Beliefs about the Teaching of Writing - National Council of Teachers of English
Back to Blog

Beliefs about the Teaching of Writing

The NCTE Beliefs about the Teaching of Writing were so well-received that NCTE published a series of books around them! Those beliefs grew and became the Professional Knowledge for the Teaching of Writing. Learn more about these beliefs about writing in the Principles in Practice “Writing in Today’s Classrooms” Strand.

Writing in the Dialogical Classroom: Students and Teachers Responding to the Texts of Their Lives focuses on adolescent learners. The author, Bob Fecho, argues that teachers need to develop writing experiences that are reflective across time in order to foster even deeper explorations of subject matter. Therefore, in the dialogical classroom, students use writing to explore who they are becoming and how they relate to the larger culture around them. Fecho stresses the value of reading and writing as tools for learning and making meaning, not just things to be tested on. The book, with its inquiry-based focus, offers dialogical writing projects of various lengths, for different purposes, with students of varying ability levels.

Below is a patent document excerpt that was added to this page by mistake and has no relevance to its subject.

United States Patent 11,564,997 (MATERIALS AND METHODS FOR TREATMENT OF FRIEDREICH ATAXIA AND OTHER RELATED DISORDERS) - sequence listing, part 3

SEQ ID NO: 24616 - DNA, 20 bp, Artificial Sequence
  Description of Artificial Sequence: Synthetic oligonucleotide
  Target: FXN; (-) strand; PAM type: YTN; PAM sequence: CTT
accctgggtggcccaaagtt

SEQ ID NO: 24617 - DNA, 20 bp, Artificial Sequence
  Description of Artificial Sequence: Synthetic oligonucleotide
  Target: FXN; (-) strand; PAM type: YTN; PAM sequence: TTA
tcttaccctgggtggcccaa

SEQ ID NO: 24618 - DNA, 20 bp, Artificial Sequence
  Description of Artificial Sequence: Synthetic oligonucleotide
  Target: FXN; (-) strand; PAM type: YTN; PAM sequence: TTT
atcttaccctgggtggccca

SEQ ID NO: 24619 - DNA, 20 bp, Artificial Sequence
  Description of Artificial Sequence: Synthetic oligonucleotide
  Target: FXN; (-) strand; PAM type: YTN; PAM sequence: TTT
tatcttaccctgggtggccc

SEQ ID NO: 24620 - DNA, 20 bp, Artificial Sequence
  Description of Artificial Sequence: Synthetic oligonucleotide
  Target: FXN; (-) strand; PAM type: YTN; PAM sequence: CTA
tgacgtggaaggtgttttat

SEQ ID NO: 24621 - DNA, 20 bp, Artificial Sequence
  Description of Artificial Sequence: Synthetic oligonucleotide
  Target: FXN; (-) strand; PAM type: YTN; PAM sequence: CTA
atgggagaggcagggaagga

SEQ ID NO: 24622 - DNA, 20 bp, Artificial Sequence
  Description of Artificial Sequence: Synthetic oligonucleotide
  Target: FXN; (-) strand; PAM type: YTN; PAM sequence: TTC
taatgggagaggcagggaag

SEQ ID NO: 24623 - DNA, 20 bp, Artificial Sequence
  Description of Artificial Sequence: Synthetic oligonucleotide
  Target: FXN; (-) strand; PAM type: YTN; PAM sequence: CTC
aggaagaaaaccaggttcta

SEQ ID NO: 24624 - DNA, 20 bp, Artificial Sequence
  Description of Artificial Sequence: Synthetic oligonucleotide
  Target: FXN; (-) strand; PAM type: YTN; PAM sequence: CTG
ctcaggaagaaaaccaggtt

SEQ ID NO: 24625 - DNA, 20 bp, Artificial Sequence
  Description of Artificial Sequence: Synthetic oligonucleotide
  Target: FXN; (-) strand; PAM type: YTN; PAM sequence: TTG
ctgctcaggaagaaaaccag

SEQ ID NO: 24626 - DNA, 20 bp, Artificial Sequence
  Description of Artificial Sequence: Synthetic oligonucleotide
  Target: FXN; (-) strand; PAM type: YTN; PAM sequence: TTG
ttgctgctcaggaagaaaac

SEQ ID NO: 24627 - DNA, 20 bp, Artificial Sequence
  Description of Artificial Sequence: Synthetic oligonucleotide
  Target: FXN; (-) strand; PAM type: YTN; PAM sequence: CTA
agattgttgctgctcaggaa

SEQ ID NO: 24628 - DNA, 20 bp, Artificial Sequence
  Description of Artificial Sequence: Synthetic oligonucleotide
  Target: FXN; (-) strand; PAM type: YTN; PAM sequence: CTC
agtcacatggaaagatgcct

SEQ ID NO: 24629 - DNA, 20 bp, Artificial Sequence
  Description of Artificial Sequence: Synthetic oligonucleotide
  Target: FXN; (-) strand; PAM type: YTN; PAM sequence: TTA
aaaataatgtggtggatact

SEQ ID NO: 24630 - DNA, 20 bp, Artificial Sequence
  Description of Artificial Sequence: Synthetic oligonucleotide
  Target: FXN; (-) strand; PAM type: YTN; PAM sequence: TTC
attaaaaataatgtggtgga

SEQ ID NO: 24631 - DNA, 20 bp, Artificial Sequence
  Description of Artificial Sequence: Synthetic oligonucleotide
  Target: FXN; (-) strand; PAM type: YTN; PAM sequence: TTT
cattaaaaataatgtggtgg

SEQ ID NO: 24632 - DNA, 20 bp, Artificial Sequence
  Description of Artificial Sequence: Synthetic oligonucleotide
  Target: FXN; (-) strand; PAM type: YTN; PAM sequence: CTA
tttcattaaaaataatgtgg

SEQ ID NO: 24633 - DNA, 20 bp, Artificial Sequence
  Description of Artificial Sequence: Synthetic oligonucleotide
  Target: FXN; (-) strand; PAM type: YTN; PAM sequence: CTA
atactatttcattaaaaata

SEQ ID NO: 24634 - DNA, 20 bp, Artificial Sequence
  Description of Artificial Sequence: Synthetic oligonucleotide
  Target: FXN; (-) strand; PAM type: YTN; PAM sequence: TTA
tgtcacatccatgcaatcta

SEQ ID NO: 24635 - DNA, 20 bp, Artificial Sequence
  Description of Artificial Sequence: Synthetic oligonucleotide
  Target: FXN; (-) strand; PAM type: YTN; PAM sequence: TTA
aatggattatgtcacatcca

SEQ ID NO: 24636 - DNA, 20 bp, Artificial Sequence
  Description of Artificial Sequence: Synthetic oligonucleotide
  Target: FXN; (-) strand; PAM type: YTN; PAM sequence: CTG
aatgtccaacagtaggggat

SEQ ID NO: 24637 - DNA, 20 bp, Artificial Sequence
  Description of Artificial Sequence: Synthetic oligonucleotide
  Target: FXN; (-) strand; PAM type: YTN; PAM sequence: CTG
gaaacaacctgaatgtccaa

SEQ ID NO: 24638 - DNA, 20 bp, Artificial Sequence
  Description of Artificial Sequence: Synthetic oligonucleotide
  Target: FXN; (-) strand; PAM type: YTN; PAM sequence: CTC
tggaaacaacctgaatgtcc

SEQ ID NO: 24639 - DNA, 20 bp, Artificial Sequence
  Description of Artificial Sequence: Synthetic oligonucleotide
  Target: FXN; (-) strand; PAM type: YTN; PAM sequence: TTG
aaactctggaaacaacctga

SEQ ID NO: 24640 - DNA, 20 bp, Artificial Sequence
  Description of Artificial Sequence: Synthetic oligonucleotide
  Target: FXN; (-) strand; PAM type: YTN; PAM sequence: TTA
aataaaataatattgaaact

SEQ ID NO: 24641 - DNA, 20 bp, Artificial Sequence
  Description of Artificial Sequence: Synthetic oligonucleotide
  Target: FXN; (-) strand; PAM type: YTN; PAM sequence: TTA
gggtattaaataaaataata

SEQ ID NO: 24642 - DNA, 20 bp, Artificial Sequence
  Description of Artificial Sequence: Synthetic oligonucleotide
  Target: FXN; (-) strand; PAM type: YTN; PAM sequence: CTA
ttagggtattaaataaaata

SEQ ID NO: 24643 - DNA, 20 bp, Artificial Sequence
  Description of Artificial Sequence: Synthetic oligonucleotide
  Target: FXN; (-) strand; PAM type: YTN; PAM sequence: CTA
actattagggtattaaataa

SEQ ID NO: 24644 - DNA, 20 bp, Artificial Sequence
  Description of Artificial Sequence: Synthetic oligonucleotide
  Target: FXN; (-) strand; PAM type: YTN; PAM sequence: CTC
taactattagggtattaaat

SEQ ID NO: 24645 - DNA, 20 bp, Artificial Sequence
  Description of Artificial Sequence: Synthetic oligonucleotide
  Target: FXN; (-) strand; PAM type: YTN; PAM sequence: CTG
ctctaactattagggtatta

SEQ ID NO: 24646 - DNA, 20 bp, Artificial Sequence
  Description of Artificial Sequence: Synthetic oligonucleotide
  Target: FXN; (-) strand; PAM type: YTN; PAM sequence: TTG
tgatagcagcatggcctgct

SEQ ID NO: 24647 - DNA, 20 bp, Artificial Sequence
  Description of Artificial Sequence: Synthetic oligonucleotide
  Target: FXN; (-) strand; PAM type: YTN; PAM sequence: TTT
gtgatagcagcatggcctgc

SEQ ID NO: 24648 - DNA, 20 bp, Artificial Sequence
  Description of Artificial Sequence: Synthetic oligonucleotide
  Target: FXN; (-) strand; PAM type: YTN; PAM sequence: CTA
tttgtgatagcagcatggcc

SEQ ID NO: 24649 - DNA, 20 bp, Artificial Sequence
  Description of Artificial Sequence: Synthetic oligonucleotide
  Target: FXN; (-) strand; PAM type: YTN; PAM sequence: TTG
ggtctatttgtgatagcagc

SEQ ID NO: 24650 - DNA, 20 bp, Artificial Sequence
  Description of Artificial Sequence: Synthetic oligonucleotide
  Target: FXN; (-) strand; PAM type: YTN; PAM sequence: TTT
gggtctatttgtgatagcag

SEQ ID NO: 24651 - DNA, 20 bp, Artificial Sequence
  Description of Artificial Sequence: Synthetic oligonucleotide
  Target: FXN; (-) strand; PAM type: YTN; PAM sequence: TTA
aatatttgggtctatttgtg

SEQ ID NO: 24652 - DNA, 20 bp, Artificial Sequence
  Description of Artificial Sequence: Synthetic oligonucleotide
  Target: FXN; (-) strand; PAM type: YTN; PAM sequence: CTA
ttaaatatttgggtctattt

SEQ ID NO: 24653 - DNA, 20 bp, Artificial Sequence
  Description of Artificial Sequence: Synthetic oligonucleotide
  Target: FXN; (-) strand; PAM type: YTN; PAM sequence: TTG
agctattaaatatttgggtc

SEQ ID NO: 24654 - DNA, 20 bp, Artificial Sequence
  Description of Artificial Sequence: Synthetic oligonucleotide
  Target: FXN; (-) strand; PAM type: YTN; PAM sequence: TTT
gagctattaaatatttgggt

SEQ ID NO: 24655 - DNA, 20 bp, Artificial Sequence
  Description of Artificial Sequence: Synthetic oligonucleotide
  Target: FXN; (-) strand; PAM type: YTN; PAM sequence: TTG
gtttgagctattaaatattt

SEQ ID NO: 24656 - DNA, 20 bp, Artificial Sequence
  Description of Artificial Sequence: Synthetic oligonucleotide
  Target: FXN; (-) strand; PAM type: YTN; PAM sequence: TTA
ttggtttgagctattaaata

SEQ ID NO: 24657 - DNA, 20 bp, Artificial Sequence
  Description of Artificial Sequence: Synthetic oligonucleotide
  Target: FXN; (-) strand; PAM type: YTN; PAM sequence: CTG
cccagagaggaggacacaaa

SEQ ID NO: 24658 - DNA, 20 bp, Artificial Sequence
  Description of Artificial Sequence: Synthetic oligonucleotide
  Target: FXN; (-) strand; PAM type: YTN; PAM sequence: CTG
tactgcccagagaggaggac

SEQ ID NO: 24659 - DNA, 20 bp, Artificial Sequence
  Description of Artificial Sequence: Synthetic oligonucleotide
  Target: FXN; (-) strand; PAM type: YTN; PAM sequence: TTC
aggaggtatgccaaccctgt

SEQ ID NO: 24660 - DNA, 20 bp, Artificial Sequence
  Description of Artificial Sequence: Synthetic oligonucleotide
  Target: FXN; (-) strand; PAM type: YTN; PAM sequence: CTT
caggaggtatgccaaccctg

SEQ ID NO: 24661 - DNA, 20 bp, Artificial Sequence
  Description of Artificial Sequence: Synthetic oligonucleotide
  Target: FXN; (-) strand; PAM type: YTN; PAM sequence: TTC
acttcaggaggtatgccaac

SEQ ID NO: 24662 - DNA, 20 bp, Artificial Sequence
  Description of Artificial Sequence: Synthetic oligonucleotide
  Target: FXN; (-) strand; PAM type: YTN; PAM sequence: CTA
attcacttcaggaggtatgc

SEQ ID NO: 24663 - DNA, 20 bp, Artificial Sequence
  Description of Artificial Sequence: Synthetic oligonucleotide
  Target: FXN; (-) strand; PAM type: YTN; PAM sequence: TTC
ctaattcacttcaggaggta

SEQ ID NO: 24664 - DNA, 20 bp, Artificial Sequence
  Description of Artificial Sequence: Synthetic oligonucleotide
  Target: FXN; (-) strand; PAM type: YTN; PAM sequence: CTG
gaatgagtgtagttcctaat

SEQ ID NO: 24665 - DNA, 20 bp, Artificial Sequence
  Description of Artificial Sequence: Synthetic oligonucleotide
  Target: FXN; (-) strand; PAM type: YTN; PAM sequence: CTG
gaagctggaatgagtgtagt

In Becoming Writers in the Elementary Classroom: Visions and Decisions author Katie Van Sluys illustrates how teachers of elementary-age writers bring their beliefs about teaching and learning to life—through the visions they hold for writers, writing, and the world, as well as through the decisions they make every day in their classrooms. Through real classroom examples and teacher and student reflections, she helps us understand how the decisions that both we and our students make today can help them not only learn to write well but also to use writing to create the world they want to live in.

In Writing Instruction in the Culturally Relevant Classroom authors Maisha T. Winn and Latrise Johnson suggest that culturally relevant pedagogy can help reach all of our students—especially those who have been ignored and underserved in America’s classrooms. Although it certainly includes inviting in the voices of those who are generally overlooked in the texts and curricula of US schools, culturally relevant teaching also means recognizing and celebrating those students who show up to our classrooms daily, welcoming their voices, demanding their reflection, and encouraging them toward self-discovery.

Traci Gardner also lists the NCTE Beliefs about the Teaching of Writing as an appendix in her text Designing Writing Assignments. This book practical tips, starting points, and a companion website to help secondary and college teachers design effective writing assignments.

How do you use the writing beliefs in your classroom?